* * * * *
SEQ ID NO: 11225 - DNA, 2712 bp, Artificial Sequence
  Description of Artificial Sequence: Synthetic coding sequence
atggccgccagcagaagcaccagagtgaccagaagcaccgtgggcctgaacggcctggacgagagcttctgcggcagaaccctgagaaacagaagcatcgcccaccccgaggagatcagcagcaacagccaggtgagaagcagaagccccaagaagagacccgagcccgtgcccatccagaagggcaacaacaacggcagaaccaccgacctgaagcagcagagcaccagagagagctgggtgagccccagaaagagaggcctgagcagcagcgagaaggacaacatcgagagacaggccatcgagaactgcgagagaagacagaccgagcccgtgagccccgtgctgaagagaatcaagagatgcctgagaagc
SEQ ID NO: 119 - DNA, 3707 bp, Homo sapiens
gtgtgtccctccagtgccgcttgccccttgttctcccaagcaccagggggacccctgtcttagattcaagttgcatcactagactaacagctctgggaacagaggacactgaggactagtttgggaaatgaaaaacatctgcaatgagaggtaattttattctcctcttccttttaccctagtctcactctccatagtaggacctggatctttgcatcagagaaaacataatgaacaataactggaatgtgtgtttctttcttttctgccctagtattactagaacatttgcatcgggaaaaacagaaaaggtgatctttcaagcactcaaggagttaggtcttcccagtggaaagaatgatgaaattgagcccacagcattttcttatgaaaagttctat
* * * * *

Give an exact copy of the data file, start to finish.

SEQ ID NO: 11225 - DNA, 2712 bp, Artificial Sequence
  Description of Artificial Sequence: Synthetic coding sequence
atggccgccagcagaagcaccagagtgaccagaagcaccgtgggcctgaacggcctggacgagagcttctgcggcagaaccctgagaaacagaagcatcgcccaccccgaggagatcagcagcaacagccaggtgagaagcagaagccccaagaagagacccgagcccgtgcccatccagaagggcaacaacaacggcagaaccaccgacctgaagcagcagagcaccagagagagctgggtgagccccagaaagagaggcctgagcagcagcgagaaggacaacatcgagagacaggccatcgagaactgcgagagaagacagaccgagcccgtgagccccgtgctgaagagaatcaagagatgcctgagaagc
SEQ ID NO: 119 - DNA, 3707 bp, Homo sapiens
gtgtgtccctccagtgccgcttgccccttgttctcccaagcaccagggggacccctgtcttagattcaagttgcatcactagactaacagctctgggaacagaggacactgaggactagtttgggaaatgaaaaacatctgcaatgagaggtaattttattctcctcttccttttaccctagtctcactctccatagtaggacctggatctttgcatcagagaaaacataatgaacaataactggaatgtgtgtttctttcttttctgccctagtattactagaacatttgcatcgggaaaaacagaaaaggtgatctttcaagcactcaaggagttaggtcttcccagtggaaagaatgatgaaattgagcccacagcattttcttatgaaaagttctat